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So Who Let The Dogs Out?

Andrew Cuomo seems to have turned over a new leaf. The common wisdom is that the man had a penchant for keeping his enemies in the doghouse, well, forever. That was not his late father’s way. I know that because I was Mario’s weekly interlocutor for a lot of years. Oh, you could tick off Mario but sooner or later, he would let you out of the doghouse. There was the time, for instance, when he said after a testy interchange, “Is that what you think?” I said, “Yes sir,” to which he replied, “Who cares?”

Now that Andrew has overwhelmingly won his third term, he seems to be opening the doors of the doghouse. To put it mildly, he and I have not always gotten along that well. I have been writing and talking about some of his perceived transgressions and he has refused to participate on the 29 public radio stations that I head. There are people out there who believe that I have it out for him. As his father would humorously say to me with a twinkle in his eye, “I deny that.” Once Cuomo Senior told me that his dog Ginger thought of me as a “fire hydrant with a neck tie.” 

In any event, the other day during the Roundtable panel on WAMC, there was a furious knocking on the studio door. The folks in the newsroom beckoned me out to tell me breathlessly that the governor was asking to do an interview with me. So we did it on our syndicated Capitol Connection program and it was well received. The governor waited about a week and asked again so we did a second interview. I asked every hard question I could and he answered each with tough minded aplomb. Had it been a boxing match it might have been called a draw, but maybe I flatter myself.

Let’s see -- I asked him about the billions of dollars that New York was giving to Amazon and Jeff Bezos to come to Long Island City. I pointed out that New York already had a lot of people and a scarcity of housing that would only be made worse by adding 25,000 new bodies. He answered that other localities, including New Jersey, had offered even more money and he suggested that if you did the math, New York comes out way ahead. In fact, he showed a little glimpse of Mario-type humor when he suggested that if New York lost in the war over Amazon, the press would have criticized him for that.

If you are a Freudian you might be interested in his constant humorous putdowns of his brother, Chris. As Freud is often quoted (perhaps inaccurately), “There is no joke.”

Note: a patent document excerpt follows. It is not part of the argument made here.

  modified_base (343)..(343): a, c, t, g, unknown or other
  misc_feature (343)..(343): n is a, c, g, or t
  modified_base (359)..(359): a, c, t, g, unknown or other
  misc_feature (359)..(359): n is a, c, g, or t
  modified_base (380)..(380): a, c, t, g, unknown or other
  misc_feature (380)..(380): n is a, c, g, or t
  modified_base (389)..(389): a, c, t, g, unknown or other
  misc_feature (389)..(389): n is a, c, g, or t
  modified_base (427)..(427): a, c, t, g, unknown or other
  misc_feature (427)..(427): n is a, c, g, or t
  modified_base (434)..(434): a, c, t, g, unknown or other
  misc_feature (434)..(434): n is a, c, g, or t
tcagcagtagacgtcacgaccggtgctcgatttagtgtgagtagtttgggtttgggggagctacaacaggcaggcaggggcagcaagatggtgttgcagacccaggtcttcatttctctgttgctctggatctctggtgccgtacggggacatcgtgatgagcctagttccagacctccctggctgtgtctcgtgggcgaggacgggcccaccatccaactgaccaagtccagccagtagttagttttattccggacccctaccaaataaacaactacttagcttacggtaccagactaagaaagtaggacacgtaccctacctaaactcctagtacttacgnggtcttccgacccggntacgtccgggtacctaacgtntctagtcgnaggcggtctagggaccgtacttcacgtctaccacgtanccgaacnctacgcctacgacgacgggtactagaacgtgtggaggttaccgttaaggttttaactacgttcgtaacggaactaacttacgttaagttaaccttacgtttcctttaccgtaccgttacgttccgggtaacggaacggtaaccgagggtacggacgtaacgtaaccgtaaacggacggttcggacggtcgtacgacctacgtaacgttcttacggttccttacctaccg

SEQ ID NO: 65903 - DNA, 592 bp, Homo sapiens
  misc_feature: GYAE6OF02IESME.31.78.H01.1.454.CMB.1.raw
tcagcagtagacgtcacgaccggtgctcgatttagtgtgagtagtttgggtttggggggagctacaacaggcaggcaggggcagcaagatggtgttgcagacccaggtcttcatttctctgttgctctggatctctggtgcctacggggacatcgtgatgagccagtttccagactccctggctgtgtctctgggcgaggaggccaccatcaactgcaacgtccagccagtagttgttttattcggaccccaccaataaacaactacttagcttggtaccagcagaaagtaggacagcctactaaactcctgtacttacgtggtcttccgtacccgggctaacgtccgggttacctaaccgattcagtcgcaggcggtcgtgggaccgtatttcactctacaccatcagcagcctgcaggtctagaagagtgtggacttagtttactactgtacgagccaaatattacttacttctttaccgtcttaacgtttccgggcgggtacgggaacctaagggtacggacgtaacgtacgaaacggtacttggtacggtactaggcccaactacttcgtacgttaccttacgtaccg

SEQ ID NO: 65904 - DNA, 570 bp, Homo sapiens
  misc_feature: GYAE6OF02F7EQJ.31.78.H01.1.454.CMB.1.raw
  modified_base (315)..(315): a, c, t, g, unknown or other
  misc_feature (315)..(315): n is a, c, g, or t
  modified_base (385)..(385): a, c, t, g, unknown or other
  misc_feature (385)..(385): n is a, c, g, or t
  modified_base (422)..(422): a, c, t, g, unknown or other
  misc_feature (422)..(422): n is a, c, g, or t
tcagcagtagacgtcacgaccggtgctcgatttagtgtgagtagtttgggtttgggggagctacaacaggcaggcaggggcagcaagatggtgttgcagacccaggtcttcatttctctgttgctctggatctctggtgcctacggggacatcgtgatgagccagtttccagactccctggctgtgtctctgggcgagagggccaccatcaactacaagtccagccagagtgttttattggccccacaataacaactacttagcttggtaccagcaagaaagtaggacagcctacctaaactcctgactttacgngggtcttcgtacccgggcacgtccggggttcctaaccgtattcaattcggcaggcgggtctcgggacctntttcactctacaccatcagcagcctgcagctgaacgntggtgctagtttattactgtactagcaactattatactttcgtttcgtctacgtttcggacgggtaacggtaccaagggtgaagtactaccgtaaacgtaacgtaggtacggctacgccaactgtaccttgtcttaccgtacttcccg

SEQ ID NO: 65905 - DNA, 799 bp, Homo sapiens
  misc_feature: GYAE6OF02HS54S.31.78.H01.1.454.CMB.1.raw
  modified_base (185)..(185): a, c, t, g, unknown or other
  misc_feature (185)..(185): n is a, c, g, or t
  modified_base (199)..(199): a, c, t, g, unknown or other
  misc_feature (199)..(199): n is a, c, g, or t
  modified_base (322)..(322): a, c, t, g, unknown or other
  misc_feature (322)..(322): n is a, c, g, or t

His weakest answer involved the closing down of the Moreland Act Commission a number of years back. This was the group he and Eric Schneiderman (remember him?) put together to root out corruption. As that group got closer to ground zero, the governor folded it. He said he could do it because he got what he wanted out of the two legislative leaders who have subsequently both been sentenced to jail.

The point is that he gave the best answers he had and even though not all of them worked, you had to admire him for bringing his best. One can only wonder why it took him so long to get to this point. Obviously, this is a better side of Andrew than most of us have seen in the past. Can personality and character change? We’ll find out. As for me, I suspect that our newfound relationship won’t last forever but, hey, what does? Andrew and I had a common friend in Drew Zambelli, who just passed. My bet is that Drew had been counseling him for a long time to show this better side.

Dr. Alan Chartock is professor emeritus at the University at Albany. He hosts the weekly Capitol Connection series, heard on public radio stations around New York. The program, for almost 12 years, highlighted interviews with Governor Mario Cuomo and now continues with conversations with state political leaders. Dr. Chartock also appears each week on The Media Project and The Roundtable and offers commentary on Morning Edition, weekdays at 7:40 a.m.
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